16.1MP. electronic viewfinder. same flash, same remote release.$499.body only.
This looks nice, but i don't see a remote shutter release. $502 but it includes a lense. 23MP. only autofocus (?). supports manual exposure control.
It's pretty obvious that the pictures I'm taking now aren't as satisfying as those I did when I was taking motorcycle vacations. The above discussions on what I want in a new camera certainly look at technical aspects of why my pictures aren't very good. Maybe a bigger part is a lack of enthusiasm that I used to have. I used to feel imersed in the process of taking a picture: the framing, lighting, arpeture, exposure, depth of field, camera shake. I haven't thought in those terms for years and it really detracts from the result. I spend a lot more time now setting things up to put pictures on the Internet.
Web pages with lots of images are really slow to load. Several years ago I started reducing the size of images to 1024xsomething reachable via clicking on a 150xsomethingelse thumbnail. I eliminated pictures from the home page of the site and provided links to pages with pictures like about boating and bicycling, those pages had thumbnails and are pretty fast to load. The thumbnails are clickable links to what I call Internet images that are scaled to 1024xsomething (often 768) that should display well on the typical laptop. Full resolution images are available by sending me email.
In order to be able to find the hi resolution originals, the original file name is contained in the web version of the filename. A t is used to indicate the image was scaled to thumbnail size, an i indicates it was scaled to 1024 by something. Images that have been rotated have an r in them and I've occasionally cropped images, indicated with a c. I don't do anything else with images although there are some I'd probably color balance if I ever put them on the web.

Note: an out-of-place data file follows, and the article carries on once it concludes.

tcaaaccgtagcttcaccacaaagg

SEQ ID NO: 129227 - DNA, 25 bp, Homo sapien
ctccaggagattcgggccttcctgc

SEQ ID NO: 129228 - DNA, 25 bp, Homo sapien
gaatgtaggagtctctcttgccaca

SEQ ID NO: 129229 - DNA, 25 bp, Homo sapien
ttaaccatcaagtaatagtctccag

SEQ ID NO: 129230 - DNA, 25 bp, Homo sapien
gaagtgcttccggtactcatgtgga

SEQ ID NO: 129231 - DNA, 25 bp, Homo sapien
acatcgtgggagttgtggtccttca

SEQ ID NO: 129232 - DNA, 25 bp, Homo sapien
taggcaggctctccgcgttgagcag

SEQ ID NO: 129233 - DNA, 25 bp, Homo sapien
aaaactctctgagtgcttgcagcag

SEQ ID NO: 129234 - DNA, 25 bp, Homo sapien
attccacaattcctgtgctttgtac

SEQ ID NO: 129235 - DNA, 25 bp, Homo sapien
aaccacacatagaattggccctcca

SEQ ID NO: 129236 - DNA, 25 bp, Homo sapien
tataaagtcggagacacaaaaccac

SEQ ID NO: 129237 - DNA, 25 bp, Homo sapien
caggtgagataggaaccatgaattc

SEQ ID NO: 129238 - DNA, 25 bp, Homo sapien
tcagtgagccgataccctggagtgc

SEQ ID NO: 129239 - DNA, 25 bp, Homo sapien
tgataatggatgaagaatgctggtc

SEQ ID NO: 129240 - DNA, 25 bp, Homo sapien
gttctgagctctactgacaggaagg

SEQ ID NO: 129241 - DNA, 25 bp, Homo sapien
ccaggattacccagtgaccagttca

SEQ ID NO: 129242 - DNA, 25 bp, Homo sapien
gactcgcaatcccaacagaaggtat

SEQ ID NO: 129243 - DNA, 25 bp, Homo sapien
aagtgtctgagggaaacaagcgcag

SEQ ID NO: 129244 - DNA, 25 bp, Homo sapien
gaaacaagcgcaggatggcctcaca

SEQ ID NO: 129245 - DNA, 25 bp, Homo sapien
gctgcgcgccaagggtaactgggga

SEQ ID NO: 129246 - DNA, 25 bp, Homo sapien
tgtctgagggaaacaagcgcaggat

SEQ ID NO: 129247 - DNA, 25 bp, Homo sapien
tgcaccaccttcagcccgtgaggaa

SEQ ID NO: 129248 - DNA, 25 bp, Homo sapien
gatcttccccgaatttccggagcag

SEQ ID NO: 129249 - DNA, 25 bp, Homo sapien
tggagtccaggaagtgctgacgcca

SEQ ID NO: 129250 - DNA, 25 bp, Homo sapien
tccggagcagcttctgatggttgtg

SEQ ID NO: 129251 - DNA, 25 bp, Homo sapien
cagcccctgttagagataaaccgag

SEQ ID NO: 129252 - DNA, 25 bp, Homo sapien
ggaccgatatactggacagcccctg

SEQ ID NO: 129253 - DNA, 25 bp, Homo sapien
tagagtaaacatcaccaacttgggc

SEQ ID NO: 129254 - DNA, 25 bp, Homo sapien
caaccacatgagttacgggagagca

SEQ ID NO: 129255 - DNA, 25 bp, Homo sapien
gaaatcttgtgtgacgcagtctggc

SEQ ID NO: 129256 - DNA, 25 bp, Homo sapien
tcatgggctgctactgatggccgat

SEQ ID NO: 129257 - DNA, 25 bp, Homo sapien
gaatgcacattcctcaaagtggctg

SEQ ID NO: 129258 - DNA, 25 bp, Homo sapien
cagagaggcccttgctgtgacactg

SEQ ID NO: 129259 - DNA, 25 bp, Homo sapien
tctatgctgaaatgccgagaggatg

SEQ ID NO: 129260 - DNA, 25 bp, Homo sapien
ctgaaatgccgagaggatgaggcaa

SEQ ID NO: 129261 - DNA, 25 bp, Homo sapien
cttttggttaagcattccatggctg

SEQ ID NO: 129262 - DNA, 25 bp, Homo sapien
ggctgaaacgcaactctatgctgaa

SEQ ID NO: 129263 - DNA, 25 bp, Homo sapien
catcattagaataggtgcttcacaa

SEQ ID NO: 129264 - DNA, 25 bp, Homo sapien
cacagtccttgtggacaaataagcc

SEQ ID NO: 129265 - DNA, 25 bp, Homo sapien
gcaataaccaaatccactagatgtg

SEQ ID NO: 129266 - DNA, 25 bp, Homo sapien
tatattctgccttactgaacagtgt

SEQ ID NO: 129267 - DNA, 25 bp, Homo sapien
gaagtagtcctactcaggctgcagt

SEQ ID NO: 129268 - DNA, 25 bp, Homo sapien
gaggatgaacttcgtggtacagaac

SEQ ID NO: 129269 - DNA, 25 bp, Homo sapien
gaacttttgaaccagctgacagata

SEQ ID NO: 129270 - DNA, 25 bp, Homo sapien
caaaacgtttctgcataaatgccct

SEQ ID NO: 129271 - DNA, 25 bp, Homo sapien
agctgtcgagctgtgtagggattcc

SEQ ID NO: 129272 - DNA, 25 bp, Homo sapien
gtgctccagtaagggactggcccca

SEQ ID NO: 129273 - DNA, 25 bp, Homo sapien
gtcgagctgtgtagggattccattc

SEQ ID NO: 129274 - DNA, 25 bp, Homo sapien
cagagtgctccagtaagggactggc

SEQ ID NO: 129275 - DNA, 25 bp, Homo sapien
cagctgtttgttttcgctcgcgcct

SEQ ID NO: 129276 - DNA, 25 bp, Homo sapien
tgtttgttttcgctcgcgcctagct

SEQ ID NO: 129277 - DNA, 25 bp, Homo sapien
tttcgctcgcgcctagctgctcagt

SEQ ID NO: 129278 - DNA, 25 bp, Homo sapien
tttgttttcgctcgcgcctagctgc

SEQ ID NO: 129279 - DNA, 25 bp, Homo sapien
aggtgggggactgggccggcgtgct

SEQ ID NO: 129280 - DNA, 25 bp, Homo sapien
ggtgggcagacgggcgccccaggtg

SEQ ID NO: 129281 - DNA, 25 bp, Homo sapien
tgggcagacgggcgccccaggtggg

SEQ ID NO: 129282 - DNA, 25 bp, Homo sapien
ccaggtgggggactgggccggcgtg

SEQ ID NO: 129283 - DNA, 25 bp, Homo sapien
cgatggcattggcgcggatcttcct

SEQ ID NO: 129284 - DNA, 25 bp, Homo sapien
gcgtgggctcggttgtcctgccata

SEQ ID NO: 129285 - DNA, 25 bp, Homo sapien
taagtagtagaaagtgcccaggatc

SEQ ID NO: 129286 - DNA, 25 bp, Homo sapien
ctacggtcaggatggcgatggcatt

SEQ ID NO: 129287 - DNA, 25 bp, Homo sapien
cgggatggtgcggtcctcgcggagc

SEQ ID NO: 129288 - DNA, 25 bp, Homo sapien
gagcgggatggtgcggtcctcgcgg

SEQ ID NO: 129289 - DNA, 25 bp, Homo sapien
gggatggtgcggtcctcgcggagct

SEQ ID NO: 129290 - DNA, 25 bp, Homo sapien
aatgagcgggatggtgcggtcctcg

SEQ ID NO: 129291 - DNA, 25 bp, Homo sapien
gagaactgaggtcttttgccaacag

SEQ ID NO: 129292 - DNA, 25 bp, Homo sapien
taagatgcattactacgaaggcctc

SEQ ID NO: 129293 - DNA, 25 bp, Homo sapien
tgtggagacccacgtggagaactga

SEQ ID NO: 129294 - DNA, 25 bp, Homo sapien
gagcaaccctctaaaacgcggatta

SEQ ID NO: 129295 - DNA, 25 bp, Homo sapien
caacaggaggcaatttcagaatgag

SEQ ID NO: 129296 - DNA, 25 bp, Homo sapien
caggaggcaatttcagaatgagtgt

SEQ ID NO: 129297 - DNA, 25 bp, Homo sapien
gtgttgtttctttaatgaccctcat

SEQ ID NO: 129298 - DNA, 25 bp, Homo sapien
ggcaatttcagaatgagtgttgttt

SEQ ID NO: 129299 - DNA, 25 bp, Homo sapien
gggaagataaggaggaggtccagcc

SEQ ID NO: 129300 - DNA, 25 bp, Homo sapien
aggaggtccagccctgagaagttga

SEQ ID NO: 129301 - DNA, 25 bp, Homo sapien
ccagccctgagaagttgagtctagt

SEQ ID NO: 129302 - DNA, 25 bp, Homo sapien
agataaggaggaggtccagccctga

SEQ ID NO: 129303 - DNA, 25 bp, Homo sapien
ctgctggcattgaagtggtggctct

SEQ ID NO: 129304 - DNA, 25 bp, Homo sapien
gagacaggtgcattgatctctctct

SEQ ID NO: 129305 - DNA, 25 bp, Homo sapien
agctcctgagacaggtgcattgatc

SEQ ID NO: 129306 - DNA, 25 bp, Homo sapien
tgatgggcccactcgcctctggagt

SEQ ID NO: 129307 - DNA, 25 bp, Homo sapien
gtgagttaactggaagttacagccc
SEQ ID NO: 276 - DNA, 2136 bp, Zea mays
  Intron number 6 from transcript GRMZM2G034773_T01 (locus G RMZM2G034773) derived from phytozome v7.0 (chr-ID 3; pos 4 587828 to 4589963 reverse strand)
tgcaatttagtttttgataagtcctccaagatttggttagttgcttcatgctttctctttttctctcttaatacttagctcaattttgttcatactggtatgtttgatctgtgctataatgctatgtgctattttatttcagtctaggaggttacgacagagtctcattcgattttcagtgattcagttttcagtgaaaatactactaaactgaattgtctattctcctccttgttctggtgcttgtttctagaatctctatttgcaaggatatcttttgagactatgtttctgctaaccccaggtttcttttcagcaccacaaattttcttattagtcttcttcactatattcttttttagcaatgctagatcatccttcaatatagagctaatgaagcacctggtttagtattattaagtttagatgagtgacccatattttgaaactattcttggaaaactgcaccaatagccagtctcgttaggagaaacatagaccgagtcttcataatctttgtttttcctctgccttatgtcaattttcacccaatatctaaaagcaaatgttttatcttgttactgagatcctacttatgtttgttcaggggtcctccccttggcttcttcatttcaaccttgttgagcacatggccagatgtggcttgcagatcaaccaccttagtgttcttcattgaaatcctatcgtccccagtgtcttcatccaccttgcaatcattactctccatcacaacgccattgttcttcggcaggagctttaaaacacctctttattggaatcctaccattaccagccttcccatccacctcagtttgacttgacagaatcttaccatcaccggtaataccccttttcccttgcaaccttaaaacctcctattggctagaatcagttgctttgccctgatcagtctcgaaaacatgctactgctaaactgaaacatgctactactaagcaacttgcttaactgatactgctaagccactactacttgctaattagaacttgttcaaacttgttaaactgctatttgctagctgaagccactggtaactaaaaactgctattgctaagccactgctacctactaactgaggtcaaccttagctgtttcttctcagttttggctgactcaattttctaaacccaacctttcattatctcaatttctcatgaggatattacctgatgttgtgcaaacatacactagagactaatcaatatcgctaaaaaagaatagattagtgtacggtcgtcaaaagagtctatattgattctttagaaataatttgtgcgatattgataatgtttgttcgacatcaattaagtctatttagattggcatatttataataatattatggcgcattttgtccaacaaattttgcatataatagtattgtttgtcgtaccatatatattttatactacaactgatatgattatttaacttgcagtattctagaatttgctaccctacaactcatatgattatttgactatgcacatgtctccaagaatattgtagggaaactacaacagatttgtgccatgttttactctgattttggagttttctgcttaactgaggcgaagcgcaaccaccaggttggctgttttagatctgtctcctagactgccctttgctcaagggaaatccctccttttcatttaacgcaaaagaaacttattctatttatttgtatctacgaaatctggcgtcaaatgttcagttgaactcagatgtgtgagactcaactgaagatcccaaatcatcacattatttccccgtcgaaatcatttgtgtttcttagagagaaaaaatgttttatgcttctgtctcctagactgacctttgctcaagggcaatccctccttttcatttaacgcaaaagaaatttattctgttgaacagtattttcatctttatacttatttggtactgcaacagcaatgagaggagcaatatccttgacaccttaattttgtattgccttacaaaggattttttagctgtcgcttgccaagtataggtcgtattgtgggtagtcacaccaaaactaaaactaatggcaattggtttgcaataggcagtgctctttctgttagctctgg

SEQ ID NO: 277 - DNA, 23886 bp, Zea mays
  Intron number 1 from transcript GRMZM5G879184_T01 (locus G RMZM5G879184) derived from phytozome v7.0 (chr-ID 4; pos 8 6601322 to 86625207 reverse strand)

Generally I don't mess with it. If I ever get a camera that puts location information in the metadata, I'll probably blank that out. If anyone can think of a reason to do otherwise, please email me and explain, I'm open to suggestions.
Generally I sneaker net the picture files to my laptop. I absolutely don't trust the Internet or the various 'cloud' services (and don't like being in a position where I have to trust my phone). Any camera I buy needs to support this.
Once on my laptop the pictures are given an initial sort and potential Internet images are batched up by date they were taken off the camera. Other images have differen fates that are irrelevant here.
Batches are processed using GIMP to scale, rotate, if color balance is necessary, etc... and these are copied into parallel web directories on the laptop (a full duplicate is kept of the web site on my PC).
I manually write the web pages using a standard text editor (gedit most of the time), and upload them to duba.org using filezilla. Yes, I need to rethink this part of the process, but that's a long way off.